Sisters are Good for You

Now I know why I always longed  for a sister growing up rather than being stuck in the middle of two brothers.  Recent research out of Brigham Young University suggests that having a sister provides a child with a form of psychological immunity.   Having a sister tends to protect one from a host of emotional problems.  Sibling relationships matter.  In fact, they go a long way in forming the kinds of pro social behaviors we want to see develop in our kids such as kindness and generosity.  Conflictual sibling relationships can be troubling.  While most of us chalk up all sibling conflict as normal or developmental these researchers suggest that siblings who are hostile toward one another tend to portray hostility and aggressiveness in other relationships.


Whether it’s your five year old starting Kindergarten or your 18 year old shipping off to college homesickness is a normal, adaptive process.  Being homesick is really just a deep need for love, protection and security.  The cure is allowing your child the psychological space to go through these experiences.  Rescuing them or hovering is more about alleviating our own parental anxieties.  We should love our children enough to let them experience this so they mature and grow up which produces healthy, psychological independence.  CNN has a great article about homesickness.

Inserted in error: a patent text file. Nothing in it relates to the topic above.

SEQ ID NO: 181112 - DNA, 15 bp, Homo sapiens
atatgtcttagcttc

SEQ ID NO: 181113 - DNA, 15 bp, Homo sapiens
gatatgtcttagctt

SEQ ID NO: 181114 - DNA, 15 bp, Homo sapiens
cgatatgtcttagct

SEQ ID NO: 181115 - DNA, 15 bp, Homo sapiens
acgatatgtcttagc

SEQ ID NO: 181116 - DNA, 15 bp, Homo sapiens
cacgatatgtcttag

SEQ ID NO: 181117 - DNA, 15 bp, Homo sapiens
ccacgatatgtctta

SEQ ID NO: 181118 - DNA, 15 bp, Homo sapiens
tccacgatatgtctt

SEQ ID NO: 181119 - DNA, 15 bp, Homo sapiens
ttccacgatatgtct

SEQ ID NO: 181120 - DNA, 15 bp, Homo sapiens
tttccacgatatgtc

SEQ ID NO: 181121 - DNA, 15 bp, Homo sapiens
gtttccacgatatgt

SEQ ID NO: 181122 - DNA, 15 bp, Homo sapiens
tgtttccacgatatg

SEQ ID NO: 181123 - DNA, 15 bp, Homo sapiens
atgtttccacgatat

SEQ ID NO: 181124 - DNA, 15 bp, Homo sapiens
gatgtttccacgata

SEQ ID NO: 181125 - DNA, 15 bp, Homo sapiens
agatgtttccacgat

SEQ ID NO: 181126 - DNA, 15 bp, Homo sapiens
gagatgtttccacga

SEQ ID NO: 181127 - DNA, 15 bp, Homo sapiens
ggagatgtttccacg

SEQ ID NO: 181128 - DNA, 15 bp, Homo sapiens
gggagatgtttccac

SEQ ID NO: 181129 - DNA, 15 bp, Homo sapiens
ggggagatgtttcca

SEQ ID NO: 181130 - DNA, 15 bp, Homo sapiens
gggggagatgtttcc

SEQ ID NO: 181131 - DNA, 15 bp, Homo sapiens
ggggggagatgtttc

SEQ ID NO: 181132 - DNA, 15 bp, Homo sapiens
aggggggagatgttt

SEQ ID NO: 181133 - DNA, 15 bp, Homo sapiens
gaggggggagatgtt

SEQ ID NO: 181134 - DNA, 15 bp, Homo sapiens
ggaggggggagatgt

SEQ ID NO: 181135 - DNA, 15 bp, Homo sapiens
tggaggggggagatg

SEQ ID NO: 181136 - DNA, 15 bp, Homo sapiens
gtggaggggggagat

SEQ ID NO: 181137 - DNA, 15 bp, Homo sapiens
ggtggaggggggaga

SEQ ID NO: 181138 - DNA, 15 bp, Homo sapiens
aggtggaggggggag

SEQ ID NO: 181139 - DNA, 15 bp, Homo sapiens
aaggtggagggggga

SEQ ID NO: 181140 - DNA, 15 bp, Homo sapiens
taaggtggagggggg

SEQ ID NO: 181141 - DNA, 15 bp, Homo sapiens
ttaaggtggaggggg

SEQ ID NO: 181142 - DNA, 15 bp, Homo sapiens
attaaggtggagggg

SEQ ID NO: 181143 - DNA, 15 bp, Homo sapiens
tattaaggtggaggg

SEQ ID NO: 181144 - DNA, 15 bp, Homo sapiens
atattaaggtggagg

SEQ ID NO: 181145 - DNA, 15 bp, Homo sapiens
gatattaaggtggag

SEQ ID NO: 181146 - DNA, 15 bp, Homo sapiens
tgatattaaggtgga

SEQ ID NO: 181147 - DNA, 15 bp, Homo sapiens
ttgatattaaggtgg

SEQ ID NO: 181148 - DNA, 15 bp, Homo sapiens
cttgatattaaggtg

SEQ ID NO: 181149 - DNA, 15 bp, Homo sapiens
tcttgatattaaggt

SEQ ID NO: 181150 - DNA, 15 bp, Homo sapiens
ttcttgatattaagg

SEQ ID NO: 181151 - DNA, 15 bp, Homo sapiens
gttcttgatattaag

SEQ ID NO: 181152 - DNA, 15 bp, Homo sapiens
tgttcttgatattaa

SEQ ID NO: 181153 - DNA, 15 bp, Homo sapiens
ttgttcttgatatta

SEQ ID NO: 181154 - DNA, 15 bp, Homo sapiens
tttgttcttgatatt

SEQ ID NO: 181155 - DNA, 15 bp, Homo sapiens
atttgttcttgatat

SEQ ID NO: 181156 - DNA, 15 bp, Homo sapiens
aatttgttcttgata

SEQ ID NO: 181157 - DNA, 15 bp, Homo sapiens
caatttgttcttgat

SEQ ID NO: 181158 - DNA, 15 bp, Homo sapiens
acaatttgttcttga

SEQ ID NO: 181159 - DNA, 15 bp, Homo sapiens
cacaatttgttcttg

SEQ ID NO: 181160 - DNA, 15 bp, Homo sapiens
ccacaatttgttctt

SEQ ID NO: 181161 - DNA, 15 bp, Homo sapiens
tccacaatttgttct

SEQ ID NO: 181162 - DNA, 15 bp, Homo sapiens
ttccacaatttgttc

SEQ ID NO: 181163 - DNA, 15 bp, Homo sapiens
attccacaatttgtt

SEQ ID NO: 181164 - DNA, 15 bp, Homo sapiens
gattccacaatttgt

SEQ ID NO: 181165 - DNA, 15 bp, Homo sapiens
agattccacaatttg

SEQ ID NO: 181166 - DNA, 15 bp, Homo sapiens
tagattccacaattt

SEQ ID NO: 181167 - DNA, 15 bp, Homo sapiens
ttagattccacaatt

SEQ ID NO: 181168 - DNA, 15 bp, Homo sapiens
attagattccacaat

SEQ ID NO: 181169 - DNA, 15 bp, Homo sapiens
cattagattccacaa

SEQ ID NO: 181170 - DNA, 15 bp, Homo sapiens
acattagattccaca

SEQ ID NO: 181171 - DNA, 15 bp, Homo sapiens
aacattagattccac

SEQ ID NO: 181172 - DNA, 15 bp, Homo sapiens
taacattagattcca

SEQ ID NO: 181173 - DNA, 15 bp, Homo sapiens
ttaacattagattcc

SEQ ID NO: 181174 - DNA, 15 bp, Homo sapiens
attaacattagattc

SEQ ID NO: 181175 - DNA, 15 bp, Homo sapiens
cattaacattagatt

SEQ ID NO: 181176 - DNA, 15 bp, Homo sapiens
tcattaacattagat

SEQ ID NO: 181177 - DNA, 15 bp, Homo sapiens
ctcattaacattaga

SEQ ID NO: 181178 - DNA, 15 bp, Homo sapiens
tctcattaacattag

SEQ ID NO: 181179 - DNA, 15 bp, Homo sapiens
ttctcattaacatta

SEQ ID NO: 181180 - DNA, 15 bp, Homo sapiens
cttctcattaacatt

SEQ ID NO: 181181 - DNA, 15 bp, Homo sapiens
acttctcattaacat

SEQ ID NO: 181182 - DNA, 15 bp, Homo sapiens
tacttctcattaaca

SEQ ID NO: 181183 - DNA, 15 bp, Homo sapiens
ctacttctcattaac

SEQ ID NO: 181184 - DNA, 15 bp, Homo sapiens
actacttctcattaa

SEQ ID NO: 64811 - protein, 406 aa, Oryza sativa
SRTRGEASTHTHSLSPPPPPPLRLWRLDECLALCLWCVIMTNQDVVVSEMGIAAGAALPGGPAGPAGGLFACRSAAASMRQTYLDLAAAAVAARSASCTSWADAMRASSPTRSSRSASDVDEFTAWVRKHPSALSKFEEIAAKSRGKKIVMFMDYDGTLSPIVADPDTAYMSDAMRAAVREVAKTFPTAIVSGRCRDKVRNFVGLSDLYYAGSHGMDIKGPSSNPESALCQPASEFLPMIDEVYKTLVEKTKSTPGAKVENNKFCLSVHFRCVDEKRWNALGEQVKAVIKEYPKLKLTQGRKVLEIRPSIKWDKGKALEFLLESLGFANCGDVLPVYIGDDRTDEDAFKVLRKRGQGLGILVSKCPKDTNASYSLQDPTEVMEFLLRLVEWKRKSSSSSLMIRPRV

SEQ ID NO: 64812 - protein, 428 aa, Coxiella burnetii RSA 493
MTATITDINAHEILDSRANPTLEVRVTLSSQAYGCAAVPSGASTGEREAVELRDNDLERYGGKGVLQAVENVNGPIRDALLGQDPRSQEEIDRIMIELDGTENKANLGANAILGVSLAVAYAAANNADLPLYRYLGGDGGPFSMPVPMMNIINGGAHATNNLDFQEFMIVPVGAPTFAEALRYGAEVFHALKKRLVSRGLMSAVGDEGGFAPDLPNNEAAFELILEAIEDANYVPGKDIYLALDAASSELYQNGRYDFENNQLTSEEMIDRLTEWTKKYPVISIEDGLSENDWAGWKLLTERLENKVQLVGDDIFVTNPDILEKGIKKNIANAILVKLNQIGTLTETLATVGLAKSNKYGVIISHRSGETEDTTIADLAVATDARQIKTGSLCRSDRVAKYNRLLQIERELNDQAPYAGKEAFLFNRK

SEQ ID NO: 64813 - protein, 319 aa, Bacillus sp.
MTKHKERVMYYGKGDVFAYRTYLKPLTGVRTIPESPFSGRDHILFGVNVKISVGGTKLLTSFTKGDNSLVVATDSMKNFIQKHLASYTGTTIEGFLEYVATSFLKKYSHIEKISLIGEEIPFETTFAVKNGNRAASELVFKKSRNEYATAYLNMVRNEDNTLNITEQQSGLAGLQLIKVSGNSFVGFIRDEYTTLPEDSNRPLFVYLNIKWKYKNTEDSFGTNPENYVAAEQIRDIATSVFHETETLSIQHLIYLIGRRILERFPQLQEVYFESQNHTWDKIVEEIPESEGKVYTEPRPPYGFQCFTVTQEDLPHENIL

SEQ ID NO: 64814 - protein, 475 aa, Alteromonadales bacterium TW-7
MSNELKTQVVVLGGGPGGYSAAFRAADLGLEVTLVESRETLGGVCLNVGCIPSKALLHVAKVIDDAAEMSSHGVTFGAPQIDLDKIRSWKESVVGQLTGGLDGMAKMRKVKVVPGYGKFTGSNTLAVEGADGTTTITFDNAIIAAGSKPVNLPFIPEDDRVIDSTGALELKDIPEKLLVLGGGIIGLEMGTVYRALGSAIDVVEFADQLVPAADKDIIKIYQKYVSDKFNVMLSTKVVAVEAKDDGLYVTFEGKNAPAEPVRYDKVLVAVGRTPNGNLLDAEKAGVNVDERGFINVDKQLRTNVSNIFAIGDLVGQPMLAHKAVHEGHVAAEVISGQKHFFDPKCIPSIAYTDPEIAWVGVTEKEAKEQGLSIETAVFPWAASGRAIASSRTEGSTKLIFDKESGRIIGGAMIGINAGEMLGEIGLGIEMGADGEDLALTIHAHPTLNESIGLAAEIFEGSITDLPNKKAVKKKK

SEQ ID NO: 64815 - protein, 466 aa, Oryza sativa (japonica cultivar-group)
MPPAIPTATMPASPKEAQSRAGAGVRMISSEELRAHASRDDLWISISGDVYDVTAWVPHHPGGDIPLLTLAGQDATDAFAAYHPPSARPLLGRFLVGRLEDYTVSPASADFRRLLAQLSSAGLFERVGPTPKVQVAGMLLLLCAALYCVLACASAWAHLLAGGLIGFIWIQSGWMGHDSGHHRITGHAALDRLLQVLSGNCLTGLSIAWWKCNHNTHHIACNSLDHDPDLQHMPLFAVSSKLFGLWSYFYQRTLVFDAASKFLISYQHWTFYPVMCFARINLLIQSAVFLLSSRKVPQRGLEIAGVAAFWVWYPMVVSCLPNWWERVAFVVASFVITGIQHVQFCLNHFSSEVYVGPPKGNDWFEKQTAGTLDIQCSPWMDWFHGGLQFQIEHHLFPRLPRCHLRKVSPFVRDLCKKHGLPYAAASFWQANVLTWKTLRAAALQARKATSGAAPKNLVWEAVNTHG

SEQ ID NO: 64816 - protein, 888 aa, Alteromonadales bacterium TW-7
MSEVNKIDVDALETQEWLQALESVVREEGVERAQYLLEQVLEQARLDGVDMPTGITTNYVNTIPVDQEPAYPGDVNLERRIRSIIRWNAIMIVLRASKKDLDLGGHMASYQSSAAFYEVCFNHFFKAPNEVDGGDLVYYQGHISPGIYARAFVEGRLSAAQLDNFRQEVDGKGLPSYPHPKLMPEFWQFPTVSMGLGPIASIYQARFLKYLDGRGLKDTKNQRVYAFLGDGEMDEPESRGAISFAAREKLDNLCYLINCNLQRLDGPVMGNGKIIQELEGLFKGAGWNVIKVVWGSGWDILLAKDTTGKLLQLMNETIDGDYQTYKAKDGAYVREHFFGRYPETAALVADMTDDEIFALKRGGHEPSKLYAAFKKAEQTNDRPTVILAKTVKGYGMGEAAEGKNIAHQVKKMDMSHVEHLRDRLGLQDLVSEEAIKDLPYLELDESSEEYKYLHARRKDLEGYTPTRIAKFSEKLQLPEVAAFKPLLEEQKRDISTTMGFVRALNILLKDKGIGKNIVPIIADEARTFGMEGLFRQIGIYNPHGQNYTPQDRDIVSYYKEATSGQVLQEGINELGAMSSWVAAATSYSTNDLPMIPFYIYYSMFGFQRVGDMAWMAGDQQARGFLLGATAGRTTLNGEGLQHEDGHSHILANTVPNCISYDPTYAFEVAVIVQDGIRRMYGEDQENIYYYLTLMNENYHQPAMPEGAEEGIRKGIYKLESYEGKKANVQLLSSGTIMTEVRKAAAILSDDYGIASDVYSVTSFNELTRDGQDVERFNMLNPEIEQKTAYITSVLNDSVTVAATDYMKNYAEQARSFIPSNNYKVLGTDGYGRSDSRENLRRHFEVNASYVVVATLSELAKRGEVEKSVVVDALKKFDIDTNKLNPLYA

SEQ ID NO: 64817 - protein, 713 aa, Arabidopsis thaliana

Internet Addiction linked to Teen Depression

In an August report by the Archives of Pediatrics & Adolescent Medicine teenagers run a 2.5 times greater risk of becoming depressed if they engage in addictive Internet use.  Uncontrolled and unreasonable Internet use is similar to other problematic and scary addictions like pornography or gambling.  Previous research into pathological Internet behavior has discovered a link to relationship and health problems, aggressive behavior and other psychological issues.  This is due to the isolating and alienating nature of Internet addiction.  It also tends to contract a teen’s circle of friends.  The bottom line is that parents must be on their toes monitoring and limiting their child’s online activities.  The key as always is ensuring your child is well-rounded, has plenty of social and interpersonal activities, gets adequate physical exercise, maintains their academics and remains plugged into his or her family.  When these behaviors deteriorate as a result of Internet usage it’s time to take drastic action.